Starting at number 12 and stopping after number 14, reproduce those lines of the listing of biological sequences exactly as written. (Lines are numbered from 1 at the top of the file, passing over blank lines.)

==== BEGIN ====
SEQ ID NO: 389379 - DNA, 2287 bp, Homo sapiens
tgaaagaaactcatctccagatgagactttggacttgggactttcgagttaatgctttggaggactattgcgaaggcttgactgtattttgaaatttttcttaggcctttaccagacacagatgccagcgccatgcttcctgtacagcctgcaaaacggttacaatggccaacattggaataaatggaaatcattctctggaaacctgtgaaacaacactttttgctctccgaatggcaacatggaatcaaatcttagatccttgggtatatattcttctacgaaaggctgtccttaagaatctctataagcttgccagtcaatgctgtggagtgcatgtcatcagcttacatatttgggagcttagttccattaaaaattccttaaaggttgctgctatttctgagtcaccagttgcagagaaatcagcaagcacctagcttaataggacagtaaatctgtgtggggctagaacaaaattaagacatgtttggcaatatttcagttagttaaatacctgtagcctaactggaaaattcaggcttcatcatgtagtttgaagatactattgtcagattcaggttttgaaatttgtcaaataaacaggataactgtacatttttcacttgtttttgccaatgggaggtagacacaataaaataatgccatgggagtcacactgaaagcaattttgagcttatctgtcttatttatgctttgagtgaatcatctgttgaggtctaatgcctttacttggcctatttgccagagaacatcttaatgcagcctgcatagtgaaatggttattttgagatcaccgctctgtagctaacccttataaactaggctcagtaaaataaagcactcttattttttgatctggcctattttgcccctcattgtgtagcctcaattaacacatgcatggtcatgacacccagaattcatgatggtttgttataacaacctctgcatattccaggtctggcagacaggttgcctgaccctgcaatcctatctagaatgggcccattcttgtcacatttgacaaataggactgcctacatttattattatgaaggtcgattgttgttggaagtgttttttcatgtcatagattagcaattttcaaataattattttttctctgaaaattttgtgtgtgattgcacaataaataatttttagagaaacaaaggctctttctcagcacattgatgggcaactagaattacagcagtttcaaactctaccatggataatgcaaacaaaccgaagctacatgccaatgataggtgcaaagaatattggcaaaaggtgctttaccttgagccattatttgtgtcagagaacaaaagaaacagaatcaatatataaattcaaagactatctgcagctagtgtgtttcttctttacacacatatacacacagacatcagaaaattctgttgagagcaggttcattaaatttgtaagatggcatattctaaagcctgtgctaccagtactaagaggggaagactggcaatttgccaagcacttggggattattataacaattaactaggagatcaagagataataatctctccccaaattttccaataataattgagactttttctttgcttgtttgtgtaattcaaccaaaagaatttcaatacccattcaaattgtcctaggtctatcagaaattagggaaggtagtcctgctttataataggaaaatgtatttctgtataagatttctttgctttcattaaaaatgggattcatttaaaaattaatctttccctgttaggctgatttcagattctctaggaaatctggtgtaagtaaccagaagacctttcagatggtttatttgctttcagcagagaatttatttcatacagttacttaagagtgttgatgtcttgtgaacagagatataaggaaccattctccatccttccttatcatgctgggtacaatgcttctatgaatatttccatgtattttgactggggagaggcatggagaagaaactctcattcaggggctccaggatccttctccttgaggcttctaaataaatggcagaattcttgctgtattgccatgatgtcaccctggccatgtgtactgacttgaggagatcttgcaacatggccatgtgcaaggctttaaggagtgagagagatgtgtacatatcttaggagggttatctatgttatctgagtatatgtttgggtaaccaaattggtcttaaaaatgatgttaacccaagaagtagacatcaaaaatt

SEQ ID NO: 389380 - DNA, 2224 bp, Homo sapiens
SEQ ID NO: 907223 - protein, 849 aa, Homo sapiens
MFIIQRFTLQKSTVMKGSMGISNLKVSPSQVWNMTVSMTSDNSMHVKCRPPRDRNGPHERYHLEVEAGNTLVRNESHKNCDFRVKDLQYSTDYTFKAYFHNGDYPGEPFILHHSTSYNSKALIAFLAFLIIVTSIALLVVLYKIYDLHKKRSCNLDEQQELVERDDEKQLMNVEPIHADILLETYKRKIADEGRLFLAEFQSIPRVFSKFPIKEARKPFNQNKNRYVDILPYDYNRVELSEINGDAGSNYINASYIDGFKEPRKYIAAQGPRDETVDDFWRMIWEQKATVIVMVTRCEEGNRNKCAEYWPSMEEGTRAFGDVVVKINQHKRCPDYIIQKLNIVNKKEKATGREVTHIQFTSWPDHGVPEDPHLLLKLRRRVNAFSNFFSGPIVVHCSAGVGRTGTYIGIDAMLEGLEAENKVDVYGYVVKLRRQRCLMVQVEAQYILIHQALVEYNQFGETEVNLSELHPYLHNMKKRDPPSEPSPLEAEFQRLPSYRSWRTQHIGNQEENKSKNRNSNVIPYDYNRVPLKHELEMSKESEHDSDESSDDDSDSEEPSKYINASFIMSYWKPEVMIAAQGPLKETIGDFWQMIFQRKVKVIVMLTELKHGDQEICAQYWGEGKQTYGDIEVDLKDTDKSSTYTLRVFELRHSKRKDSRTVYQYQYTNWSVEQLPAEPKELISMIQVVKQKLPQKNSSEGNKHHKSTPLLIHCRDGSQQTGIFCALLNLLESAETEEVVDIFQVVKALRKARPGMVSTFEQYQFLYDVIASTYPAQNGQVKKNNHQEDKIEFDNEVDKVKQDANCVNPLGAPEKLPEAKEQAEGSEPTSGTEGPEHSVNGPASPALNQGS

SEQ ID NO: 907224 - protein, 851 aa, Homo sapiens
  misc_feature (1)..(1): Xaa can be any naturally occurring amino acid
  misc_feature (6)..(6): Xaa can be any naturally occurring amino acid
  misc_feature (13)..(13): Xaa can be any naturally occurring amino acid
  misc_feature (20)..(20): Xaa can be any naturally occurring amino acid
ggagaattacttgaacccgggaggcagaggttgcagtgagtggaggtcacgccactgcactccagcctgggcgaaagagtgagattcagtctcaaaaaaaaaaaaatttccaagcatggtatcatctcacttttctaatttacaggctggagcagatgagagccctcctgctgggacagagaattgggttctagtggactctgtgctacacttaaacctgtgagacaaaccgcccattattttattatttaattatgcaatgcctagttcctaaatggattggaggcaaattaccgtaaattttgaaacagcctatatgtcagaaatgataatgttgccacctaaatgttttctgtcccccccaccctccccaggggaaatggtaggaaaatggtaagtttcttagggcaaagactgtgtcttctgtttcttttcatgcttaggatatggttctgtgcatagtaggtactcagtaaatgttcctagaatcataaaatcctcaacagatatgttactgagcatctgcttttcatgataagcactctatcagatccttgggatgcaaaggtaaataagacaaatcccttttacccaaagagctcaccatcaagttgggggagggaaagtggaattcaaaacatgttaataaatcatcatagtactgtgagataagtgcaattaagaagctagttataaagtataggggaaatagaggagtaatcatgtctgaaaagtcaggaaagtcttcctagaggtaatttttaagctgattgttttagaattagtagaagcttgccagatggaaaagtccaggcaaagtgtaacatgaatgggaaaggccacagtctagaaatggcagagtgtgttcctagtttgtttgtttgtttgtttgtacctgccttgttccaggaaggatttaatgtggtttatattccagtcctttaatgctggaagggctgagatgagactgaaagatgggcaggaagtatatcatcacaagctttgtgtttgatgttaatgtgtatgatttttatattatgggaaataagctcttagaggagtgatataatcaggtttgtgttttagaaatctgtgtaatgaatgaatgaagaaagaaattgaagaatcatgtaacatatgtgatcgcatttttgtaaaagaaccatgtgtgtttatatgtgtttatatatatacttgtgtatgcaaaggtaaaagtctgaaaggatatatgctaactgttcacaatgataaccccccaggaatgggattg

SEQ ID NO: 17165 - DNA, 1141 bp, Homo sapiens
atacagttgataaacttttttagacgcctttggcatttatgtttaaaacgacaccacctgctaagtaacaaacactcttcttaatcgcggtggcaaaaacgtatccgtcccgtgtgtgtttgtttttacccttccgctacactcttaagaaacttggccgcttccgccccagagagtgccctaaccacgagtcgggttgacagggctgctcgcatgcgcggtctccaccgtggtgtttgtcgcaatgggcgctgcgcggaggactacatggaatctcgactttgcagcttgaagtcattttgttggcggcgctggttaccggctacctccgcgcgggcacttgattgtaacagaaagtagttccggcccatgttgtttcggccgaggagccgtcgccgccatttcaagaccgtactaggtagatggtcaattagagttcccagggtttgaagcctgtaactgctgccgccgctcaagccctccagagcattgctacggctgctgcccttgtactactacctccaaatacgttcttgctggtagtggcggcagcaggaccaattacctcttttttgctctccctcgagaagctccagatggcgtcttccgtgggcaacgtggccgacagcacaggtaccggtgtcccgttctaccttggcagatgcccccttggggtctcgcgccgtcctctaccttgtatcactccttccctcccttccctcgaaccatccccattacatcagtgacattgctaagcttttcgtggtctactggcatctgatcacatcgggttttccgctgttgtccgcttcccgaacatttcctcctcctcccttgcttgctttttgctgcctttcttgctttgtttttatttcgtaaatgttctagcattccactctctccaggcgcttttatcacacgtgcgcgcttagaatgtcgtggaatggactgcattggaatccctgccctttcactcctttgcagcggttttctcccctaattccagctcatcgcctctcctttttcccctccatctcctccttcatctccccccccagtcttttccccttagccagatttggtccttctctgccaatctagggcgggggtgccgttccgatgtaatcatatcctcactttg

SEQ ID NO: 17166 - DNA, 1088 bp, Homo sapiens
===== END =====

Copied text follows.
SEQ ID NO: 17165 - DNA, 1141 bp, Homo sapiens
atacagttgataaacttttttagacgcctttggcatttatgtttaaaacgacaccacctgctaagtaacaaacactcttcttaatcgcggtggcaaaaacgtatccgtcccgtgtgtgtttgtttttacccttccgctacactcttaagaaacttggccgcttccgccccagagagtgccctaaccacgagtcgggttgacagggctgctcgcatgcgcggtctccaccgtggtgtttgtcgcaatgggcgctgcgcggaggactacatggaatctcgactttgcagcttgaagtcattttgttggcggcgctggttaccggctacctccgcgcgggcacttgattgtaacagaaagtagttccggcccatgttgtttcggccgaggagccgtcgccgccatttcaagaccgtactaggtagatggtcaattagagttcccagggtttgaagcctgtaactgctgccgccgctcaagccctccagagcattgctacggctgctgcccttgtactactacctccaaatacgttcttgctggtagtggcggcagcaggaccaattacctcttttttgctctccctcgagaagctccagatggcgtcttccgtgggcaacgtggccgacagcacaggtaccggtgtcccgttctaccttggcagatgcccccttggggtctcgcgccgtcctctaccttgtatcactccttccctcccttccctcgaaccatccccattacatcagtgacattgctaagcttttcgtggtctactggcatctgatcacatcgggttttccgctgttgtccgcttcccgaacatttcctcctcctcccttgcttgctttttgctgcctttcttgctttgtttttatttcgtaaatgttctagcattccactctctccaggcgcttttatcacacgtgcgcgcttagaatgtcgtggaatggactgcattggaatccctgccctttcactcctttgcagcggttttctcccctaattccagctcatcgcctctcctttttcccctccatctcctccttcatctccccccccagtcttttccccttagccagatttggtccttctctgccaatctagggcgggggtgccgttccgatgtaatcatatcctcactttg

SEQ ID NO: 17166 - DNA, 1088 bp, Homo sapiens